Only a fraction of the cancer patients in the terminal stages of their illness fully understand their prognosis. The findings suggest many patients are “kept in the dark”, even though they only have a couple months to live anymore.
The study was made by researchers at the Memorial Sloan Kettering Cancer Center, Cornell University and Weill Cornell Medicine. One of the authors, Holly Prigerson, the Director of the Center for Research on End of Life Care at Weill Cornell Medical Center, said the results were a “shock” and highlight a grave communication problem between doctors and patients.
The doctors asked 178 cancer patients questions about their medical condition and future prognosis. For instance, they were asked “how long do you think you have to live?” or “did you have a recent life expectancy discussion with your doctor?” before and after receiving a medical scan that staged their illness.
Only five percent of the interviewed patients made statements that actually reflected the reality of their medical records before their illness was stage. As such, the rest were incapable of making a just and informed decision about their care.
“Many did not know that they were at the end-stage of their illness or that their cancer was incurable. They were basically making treatment decisions in the dark,” explained Prigerson.
The authors identified a number of roadblocks that hinder doctor-patient communication. On one hand, doctors themselves are incapable of delivering the bad news, hiding under a front of a medical jargon or even omitting the heart-shattering verdict all together to manage the patients’ hope. On the hand, patients themselves either don’t understand the prognosis or choose “not to hear” it.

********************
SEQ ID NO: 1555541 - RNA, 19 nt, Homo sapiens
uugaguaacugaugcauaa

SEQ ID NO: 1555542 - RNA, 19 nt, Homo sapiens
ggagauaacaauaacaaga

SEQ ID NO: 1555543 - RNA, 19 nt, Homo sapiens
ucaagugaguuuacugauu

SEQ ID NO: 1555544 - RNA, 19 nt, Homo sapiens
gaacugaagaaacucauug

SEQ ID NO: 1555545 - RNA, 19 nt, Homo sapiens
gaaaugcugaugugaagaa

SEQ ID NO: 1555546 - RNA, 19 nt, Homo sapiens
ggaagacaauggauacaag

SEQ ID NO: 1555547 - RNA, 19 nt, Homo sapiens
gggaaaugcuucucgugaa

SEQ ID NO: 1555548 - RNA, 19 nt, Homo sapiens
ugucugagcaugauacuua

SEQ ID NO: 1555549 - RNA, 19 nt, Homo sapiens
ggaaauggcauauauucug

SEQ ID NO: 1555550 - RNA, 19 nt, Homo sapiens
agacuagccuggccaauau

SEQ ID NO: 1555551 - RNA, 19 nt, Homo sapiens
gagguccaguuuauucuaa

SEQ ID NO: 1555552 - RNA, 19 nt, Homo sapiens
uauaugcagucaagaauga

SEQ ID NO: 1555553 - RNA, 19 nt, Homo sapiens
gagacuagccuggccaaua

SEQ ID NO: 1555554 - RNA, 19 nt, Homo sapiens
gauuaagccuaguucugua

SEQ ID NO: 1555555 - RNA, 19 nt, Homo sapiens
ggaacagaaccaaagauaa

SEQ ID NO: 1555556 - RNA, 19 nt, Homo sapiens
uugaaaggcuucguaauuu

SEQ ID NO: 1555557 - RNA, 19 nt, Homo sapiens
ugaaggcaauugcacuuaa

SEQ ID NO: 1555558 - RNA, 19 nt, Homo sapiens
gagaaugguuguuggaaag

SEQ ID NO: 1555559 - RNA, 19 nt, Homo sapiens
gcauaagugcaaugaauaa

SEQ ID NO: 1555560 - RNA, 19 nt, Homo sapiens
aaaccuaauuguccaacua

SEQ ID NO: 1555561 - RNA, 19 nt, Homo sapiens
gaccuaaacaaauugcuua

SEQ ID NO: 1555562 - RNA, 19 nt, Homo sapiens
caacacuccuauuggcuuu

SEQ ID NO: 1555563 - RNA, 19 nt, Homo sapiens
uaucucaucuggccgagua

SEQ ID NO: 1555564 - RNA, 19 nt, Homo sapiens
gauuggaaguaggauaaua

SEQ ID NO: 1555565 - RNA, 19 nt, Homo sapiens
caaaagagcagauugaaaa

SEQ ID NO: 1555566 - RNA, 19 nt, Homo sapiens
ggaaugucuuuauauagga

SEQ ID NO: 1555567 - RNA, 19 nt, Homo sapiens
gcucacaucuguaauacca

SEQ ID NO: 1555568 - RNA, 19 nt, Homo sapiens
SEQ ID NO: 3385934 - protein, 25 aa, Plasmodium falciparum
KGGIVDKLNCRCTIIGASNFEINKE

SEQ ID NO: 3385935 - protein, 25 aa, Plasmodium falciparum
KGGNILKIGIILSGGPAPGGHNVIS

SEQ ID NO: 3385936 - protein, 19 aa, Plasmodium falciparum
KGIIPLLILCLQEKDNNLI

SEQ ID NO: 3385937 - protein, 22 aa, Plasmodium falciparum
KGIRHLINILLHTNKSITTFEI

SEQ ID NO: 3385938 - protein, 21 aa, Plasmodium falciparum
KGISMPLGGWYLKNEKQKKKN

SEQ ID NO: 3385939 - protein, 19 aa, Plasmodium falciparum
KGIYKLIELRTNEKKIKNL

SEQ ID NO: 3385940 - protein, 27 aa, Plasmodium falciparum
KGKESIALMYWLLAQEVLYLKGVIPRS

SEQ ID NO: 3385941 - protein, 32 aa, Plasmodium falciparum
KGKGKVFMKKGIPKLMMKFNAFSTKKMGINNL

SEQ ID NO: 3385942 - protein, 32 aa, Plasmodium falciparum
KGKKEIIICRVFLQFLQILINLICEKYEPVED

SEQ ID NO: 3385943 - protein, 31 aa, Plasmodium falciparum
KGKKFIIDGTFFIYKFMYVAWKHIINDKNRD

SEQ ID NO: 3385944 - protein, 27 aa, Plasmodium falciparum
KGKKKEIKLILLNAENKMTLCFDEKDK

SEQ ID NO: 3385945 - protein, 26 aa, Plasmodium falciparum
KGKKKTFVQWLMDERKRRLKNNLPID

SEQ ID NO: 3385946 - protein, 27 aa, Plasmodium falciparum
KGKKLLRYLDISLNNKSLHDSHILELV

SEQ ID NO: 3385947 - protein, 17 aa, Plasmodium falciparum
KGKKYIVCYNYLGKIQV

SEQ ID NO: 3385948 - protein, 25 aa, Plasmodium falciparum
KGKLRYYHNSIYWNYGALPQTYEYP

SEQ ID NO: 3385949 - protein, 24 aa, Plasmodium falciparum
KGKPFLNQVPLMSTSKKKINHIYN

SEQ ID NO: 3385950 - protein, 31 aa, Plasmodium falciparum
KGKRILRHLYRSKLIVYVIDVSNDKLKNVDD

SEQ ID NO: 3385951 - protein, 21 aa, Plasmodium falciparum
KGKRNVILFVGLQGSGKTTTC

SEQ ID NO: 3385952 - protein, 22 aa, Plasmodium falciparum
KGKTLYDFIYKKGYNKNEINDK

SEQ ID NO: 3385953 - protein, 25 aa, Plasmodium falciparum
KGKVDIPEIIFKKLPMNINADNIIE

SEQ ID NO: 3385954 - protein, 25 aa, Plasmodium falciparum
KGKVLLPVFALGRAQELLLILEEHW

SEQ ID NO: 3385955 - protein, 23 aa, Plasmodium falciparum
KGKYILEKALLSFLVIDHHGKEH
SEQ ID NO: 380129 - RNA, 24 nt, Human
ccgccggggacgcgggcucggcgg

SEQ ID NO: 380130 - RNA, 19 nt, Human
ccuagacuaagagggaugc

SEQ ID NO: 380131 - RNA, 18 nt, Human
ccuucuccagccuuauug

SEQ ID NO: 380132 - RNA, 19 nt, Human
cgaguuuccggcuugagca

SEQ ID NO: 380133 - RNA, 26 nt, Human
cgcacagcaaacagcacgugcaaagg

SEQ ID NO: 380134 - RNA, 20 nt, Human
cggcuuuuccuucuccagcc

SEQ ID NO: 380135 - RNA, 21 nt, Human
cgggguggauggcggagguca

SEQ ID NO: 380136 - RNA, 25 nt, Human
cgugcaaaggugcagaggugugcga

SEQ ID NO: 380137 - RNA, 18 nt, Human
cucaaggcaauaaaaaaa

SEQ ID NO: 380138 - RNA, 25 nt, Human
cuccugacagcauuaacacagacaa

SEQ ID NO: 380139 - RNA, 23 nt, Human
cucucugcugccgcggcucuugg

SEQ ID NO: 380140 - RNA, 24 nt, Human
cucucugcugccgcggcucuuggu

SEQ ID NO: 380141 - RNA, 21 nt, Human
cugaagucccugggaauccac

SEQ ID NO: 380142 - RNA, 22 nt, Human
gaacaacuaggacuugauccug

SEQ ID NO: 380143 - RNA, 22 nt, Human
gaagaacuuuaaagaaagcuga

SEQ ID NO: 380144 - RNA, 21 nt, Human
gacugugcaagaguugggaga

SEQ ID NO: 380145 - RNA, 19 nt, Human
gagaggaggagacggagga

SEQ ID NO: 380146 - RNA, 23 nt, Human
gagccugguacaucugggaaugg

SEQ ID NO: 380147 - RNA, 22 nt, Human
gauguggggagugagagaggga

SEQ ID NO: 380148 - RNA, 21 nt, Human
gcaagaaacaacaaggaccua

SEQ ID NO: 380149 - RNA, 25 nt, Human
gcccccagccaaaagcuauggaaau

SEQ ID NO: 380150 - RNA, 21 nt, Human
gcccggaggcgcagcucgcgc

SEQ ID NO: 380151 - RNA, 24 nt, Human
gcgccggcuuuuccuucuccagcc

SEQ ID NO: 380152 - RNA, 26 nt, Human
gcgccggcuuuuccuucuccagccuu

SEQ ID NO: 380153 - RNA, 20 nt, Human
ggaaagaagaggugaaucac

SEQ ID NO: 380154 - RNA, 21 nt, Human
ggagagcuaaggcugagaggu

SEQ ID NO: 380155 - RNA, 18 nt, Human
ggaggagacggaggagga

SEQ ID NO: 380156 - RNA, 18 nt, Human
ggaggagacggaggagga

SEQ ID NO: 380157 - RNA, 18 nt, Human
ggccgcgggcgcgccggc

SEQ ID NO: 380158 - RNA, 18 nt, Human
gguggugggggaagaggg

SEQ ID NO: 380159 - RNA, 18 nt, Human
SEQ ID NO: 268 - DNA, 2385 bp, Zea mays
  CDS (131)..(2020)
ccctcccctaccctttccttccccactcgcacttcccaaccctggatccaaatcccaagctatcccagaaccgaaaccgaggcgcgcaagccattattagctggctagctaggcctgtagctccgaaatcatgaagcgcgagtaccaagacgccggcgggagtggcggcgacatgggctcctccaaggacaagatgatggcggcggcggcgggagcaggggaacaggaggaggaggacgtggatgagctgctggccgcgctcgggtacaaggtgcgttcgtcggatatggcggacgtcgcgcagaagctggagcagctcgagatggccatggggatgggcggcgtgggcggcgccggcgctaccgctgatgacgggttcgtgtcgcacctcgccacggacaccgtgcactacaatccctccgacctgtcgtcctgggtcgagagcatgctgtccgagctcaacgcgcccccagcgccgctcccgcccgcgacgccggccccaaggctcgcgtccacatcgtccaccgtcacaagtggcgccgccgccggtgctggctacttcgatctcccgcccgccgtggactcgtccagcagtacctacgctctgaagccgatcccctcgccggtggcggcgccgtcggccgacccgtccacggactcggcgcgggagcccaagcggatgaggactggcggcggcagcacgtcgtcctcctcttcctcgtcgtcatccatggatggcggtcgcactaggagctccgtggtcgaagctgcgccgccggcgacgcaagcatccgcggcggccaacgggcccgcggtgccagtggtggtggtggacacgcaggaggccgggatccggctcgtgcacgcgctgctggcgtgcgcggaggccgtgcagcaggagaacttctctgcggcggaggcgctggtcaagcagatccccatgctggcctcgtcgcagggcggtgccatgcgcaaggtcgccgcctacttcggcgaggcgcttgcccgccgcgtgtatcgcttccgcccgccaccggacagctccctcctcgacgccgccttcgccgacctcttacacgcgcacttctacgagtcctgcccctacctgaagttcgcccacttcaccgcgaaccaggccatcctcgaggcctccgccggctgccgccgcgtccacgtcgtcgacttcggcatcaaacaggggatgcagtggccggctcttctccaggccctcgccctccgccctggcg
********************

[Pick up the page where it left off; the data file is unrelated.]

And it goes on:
“It takes a lot of conversations to find someone who can tell me – in full-colour, human, non-clinical terms – what it’s actually like to have to, on a daily basis, tell people that they’re seriously ill. Finding doctors to talk to isn’t the problem. Our conversations start promisingly enough. But somewhere along the line, everything comes through a professional filter. They become less clear, less direct, obscured in medical language, cloaked in the self-preserving bubble of the passive voice or generalised to just any doctor’s experience. “You can become upset by it but…,” wrote Chrissie Giles in an editorial for the BBC in 2015, showing this is a general problem that’s not confined to the study’s sample size or country, for that matter.
There is some good news, though. The authors of the study published in the Journal of Clinical Oncology found advanced cancer patients significantly improved their illness understanding after openly discussing life-expectancy with their oncologist.
“That information may also help patients prioritize how they wish to spend the last few months of their lives, some by fulfilling ‘bucket lists,” Prigerson said. “Treatment choices patients make might follow from these priorities.”
I can only begin to imagine what it must be like to learn you only have a couple of months to live, but if this is a medical reality no time should be spared to make this very clear to the patient. “Talking about these things at the current visit will have the greatest influence on patients,” Prigerson said.